Further, each chip 202 is preferably sealed to the cap 102 by way of a seal 111 which is formed as a “picture frame ring seal” to extend along the peripheral edges 452 of the cap and the peripheral edges 453 of the chip, so as to seal the cap 102 to the chip 202 while enclosing a central void 454 occupied by a gas or a vacuum. When the chip is a SAW device chip, the seal 111 is required to be a hermetic seal to prevent ingress of moisture or other material which could alter or contaminate the SAW device, causing it to malfunction. As there is no such thing as an absolutely leak free enclosure, “hermeticity” is defined as the degree to which an enclosure protects against the leaking of material, e.g., gas or other fluid to or from the enclosure, in terms of a maximum permissible leak rate for the application. In a particular example, for many silicon semiconductor devices, a package is considered to be hermetic if is has a leak rate of helium below 1×10−8 Pa m3/sec. The hermetic package needs to provide protection during exposure to a diversity of external environments. These include normal service conditions, shipping and storage, accelerated life tests conducted for quality assurance purposes and other steps of the manufacturing and assembly process.

As shown in the top plan view of FIG. 5, a plurality of temporary ties 448 conductively connect the conductive masses which are disposed as contacts 442 on the top side 105 of the cap to a guard ring 450 which is disposed in dicing lanes outside the peripheral edges 452 of the cap. In addition, as further shown in FIG. 5, other temporary ties 449 connect adjacent ones of the conductive masses 442 to each other. The ties 448, like the ties 448, are severable after the cap 102 is joined to the chip 202, as for example, through the sawing process by which the joined assembly of the cap wafer and chip-containing wafer is singulated into individual chips.

However, the sawing process is not able to sever the temporary ties 449 which connect adjacent ones of the contacts 442 on the outer surface 105 of the cap. Accordingly, a method other than the sawing process must be used to sever the temporary ties 449. For example, the temporary ties 449 can be severed through ablation caused by laser illumination, for example.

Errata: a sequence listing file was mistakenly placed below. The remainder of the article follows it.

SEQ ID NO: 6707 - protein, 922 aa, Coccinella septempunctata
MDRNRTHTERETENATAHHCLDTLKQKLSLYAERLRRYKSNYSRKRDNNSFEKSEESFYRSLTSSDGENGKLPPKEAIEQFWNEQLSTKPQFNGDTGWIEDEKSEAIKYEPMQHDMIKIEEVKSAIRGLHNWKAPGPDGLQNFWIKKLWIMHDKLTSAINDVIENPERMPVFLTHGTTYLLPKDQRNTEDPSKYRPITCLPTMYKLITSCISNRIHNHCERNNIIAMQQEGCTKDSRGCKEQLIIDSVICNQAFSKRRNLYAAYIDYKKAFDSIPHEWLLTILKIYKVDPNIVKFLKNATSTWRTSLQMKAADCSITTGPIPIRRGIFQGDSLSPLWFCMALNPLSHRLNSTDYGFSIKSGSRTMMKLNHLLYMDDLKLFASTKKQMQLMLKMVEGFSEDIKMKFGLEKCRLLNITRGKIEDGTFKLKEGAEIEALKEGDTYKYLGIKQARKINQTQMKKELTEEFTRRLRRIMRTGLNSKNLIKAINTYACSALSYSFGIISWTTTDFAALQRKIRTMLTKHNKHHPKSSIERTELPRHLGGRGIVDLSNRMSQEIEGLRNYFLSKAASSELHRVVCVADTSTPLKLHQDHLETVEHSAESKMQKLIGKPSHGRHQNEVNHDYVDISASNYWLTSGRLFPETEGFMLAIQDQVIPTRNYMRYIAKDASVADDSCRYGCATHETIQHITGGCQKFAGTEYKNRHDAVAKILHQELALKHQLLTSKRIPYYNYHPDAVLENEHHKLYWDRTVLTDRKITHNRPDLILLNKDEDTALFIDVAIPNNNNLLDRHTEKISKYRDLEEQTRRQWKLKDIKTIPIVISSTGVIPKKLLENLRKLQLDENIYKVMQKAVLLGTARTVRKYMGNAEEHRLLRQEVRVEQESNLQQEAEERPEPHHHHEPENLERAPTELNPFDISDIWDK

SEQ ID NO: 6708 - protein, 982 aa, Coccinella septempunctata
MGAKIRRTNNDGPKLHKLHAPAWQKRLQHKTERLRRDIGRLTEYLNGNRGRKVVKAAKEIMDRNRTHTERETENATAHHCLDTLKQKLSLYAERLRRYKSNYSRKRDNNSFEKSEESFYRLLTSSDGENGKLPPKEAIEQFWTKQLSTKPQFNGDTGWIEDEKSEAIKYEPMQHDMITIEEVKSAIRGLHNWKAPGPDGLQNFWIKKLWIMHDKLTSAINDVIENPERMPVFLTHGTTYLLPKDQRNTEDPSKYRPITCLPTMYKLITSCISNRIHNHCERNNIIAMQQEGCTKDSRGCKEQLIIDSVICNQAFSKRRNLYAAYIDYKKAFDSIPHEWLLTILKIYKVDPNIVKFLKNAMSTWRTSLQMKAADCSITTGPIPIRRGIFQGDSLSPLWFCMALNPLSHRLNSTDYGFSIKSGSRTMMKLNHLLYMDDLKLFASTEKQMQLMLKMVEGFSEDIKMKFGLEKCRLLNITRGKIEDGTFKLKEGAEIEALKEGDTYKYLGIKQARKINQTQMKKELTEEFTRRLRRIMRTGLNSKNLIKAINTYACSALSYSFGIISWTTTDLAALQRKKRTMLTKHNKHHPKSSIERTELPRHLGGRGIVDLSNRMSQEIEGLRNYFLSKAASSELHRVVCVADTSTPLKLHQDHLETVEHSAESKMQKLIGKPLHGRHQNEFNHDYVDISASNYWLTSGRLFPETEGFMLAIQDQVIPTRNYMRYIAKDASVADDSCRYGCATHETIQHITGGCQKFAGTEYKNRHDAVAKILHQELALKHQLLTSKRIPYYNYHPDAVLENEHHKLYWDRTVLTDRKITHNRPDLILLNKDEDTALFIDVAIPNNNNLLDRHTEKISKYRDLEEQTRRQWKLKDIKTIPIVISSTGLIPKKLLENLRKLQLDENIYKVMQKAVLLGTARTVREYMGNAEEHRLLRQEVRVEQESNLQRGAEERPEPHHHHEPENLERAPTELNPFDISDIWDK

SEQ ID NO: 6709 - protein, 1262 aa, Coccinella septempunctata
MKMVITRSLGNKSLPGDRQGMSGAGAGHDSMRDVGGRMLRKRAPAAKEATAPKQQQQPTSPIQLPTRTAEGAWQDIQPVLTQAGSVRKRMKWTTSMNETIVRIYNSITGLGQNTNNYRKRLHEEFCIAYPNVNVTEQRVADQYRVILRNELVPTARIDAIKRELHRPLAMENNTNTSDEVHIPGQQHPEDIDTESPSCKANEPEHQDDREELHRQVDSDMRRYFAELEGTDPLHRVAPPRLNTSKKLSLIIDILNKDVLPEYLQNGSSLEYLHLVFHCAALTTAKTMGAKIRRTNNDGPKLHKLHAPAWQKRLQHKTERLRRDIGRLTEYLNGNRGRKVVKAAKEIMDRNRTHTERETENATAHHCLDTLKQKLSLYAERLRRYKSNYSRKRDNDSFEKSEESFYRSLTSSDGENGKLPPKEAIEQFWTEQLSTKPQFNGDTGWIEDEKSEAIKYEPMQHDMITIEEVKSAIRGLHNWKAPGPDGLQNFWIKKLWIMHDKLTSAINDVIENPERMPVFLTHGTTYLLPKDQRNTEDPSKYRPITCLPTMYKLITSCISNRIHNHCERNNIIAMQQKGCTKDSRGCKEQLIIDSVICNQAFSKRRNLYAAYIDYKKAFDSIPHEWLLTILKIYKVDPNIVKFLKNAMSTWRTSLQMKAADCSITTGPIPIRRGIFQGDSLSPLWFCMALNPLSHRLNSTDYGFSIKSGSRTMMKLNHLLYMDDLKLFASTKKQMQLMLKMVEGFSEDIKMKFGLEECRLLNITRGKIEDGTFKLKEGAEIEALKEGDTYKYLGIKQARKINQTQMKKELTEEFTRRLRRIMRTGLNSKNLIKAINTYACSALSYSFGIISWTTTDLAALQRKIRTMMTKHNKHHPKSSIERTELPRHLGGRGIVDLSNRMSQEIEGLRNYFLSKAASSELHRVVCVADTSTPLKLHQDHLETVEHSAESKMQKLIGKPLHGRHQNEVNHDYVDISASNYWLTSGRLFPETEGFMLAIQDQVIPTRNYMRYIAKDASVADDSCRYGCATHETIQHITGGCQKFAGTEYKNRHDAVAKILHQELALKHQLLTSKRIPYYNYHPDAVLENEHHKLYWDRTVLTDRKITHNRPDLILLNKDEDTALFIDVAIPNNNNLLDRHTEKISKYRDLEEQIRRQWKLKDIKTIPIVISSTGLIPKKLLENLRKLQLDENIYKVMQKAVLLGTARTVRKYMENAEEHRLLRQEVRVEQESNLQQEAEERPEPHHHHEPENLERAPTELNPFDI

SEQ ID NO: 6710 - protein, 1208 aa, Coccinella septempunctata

According to one embodiment, laser illumination is available for use in ablating portions of the temporary ties which are disposed on the outer surface 105 of the cap. However, in a particular embodiment, when the cap is provided of a material which is at least partially optically transmissive to the wavelength of the laser illumination, the temporary ties can be disposed on the inner surface, rather than the outer surface of the cap. In such case, the laser illumination can be directed through the cap of the capped chip to the temporary ties disposed along the inner surface of the cap to cause ablation of the ties, and, therefore, disconnect such ties from the contacts.

Another way of severing temporary ties disposed on the outer surface of the cap is through localized heating. For example, the temporary ties can be contacted with a heated tool, e.g. probing tool, causing the ties to melt and to pull back from the location of the heated tool, for example, due to surface tension. Alternatively or in addition thereto, some of the metal may be drawn onto the probe. In one example, the heated tool contains multiple metallic prongs which are simultaneously contacted to multiple temporary ties in order to sever them all at once.

Another way that the temporary ties can be severed is through etching. After the chip wafer is joined to the cap wafer and sealed thereto to prevent ingress of moisture, an etchant can be applied to the outer surface of the cap and allowed to etch the material of the conductive ties until the conductive tie has been disconnected from the contacts. When the conductive ties are made thin in relation to the structure of the contacts, the etchant will remove the conductive ties without removing too much of the material of the contacts. Etching is an advantageous method to be used for this purpose because when the etchant is allowed to contact the whole outer surface of the cap, the etchant will not only disconnect the temporary ties, but can clean the surface of the cap sufficiently to prevent stubs from remaining after the etching operation.

Another way that the temporary ties can be severed is by mechanical abrasion. For example, polishing equipment can be used to abrade the outer surface of the capped chip such that thin temporary ties are removed from the outer surface, while leaving the contacts thereon substantially undisturbed.

A particular embodiment of a cap having ties which are severed by a process other than sawing will now be described with reference to FIGS. 6-9. FIG. 6 is a top-down plan view and FIG. 7 is a sectional view through line 7-7 of FIG. 6, respectively. FIGS. 6-7 illustrate the structure of a cap 500 having a conductive tie 502 on an outer surface of the cap which is connected to a contact 504, the tie 502 being formed of a metal, e.g., gold, tin, or a eutectic composition, which is soluble in a fusible conductive material such as a solder. High effective solubility of the conductive tie (and guard ring, FIG. 2) structure can be achieved by a combination of the thickness of the wiring trace and the intrinsic solubility in the solder. Gold, for example, dissolves in molten solder at a rate of microns per second. Thus, a sub-micron thick tie bar of pure gold would be expected to dissolve completely during a normal solder reflow cycle.